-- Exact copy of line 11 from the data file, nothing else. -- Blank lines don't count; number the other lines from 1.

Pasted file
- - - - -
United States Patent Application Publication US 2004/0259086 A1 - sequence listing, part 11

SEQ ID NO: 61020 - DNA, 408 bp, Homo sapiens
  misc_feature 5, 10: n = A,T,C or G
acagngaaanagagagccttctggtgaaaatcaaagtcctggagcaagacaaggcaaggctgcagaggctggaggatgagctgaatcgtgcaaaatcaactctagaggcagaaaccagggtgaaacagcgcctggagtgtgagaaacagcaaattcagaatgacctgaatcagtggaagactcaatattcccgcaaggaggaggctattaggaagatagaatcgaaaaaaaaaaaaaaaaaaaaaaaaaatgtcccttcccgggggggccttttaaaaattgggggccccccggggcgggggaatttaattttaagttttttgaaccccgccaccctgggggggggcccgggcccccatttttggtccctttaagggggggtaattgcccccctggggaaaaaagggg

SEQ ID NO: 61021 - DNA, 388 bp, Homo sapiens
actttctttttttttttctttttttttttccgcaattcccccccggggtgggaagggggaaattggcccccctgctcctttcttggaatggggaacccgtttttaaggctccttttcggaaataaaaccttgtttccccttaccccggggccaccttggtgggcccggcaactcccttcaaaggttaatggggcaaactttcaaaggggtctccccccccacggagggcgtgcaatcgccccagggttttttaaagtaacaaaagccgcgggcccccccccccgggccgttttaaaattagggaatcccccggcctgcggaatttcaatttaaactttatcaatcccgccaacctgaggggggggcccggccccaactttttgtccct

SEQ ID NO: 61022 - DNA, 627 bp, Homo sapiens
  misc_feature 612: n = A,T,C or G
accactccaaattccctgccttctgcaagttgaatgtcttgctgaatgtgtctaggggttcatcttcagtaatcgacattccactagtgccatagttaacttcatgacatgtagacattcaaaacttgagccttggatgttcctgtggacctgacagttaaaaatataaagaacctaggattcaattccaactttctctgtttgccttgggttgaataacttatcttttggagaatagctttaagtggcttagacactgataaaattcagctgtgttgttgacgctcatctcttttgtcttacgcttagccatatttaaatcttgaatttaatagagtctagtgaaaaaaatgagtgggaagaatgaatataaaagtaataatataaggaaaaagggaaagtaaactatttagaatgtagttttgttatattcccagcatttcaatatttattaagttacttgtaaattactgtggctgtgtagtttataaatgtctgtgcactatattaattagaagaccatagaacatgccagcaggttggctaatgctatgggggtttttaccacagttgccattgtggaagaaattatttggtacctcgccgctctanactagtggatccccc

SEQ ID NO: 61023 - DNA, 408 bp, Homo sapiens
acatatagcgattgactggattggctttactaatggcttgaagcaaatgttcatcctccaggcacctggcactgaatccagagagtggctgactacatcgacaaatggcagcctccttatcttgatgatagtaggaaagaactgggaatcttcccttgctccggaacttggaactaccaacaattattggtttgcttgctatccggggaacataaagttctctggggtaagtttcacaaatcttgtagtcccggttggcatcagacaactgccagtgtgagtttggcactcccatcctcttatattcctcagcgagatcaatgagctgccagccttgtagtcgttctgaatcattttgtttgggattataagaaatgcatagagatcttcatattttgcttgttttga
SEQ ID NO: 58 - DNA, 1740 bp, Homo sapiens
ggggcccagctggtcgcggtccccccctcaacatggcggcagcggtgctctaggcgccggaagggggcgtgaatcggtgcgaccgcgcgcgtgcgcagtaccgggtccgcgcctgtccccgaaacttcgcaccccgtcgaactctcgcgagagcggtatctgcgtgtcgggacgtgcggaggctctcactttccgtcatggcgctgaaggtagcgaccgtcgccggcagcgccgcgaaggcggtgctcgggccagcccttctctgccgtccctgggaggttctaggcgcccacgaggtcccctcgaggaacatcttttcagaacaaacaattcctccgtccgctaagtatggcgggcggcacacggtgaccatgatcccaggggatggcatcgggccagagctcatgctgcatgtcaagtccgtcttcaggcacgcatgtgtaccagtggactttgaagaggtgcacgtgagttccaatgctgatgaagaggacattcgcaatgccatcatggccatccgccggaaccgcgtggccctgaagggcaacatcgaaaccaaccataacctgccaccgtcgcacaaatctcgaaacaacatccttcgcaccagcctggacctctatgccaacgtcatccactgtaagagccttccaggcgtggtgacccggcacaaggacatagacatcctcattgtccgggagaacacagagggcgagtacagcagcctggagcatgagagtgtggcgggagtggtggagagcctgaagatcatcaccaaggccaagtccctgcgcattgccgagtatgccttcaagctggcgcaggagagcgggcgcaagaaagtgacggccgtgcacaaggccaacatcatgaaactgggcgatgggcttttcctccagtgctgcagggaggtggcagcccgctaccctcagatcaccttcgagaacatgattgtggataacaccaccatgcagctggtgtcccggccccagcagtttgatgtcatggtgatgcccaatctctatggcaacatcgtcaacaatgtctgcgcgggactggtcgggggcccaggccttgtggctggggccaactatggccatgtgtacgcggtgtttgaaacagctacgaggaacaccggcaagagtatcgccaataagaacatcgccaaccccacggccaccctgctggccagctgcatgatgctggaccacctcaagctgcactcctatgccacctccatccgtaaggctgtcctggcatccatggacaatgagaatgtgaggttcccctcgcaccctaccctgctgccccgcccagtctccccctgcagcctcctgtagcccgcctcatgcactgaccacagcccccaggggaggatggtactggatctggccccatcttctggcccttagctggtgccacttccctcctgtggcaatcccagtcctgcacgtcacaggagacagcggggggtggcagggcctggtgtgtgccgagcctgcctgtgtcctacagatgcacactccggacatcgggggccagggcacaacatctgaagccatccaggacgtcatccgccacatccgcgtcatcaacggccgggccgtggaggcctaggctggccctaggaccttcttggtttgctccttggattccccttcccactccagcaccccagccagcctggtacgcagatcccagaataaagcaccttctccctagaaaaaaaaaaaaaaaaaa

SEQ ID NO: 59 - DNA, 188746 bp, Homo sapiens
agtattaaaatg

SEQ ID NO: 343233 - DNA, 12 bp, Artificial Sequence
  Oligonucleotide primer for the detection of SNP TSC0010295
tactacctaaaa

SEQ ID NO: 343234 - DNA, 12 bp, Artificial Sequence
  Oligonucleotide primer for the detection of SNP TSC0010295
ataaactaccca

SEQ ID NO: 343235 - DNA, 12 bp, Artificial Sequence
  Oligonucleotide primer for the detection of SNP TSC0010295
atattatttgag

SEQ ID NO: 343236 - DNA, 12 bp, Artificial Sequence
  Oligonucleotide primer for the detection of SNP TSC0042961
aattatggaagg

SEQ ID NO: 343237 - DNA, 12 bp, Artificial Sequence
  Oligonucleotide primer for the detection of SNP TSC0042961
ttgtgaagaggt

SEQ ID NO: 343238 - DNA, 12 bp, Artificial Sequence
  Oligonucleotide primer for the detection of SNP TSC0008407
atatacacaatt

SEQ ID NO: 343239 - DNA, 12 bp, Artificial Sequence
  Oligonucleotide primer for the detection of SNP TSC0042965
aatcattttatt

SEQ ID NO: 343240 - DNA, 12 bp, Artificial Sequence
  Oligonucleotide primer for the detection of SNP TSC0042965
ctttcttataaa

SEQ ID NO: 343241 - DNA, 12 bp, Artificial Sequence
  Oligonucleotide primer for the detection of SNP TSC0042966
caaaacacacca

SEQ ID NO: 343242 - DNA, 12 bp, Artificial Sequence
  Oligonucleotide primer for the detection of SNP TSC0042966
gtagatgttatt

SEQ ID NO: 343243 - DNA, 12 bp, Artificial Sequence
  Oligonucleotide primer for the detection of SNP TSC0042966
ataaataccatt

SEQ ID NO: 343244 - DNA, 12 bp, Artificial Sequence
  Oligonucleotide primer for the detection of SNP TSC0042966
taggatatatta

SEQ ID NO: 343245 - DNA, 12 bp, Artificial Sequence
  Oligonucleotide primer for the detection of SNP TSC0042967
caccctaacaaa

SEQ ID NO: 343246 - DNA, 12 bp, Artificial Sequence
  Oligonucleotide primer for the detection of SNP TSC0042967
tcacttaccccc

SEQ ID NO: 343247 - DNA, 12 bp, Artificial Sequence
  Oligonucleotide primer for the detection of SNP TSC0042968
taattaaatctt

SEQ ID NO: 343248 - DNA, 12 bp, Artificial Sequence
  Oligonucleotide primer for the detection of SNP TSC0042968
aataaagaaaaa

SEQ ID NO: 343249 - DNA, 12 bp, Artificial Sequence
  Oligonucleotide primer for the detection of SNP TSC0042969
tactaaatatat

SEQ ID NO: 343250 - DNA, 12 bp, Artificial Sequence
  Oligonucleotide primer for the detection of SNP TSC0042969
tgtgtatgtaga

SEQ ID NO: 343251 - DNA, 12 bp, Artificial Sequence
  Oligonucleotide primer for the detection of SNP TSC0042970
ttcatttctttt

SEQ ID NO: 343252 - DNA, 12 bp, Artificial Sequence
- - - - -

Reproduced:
acatatagcgattgactggattggctttactaatggcttgaagcaaatgttcatcctccaggcacctggcactgaatccagagagtggctgactacatcgacaaatggcagcctccttatcttgatgatagtaggaaagaactgggaatcttcccttgctccggaacttggaactaccaacaattattggtttgcttgctatccggggaacataaagttctctggggtaagtttcacaaatcttgtagtcccggttggcatcagacaactgccagtgtgagtttggcactcccatcctcttatattcctcagcgagatcaatgagctgccagccttgtagtcgttctgaatcattttgtttgggattataagaaatgcatagagatcttcatattttgcttgttttga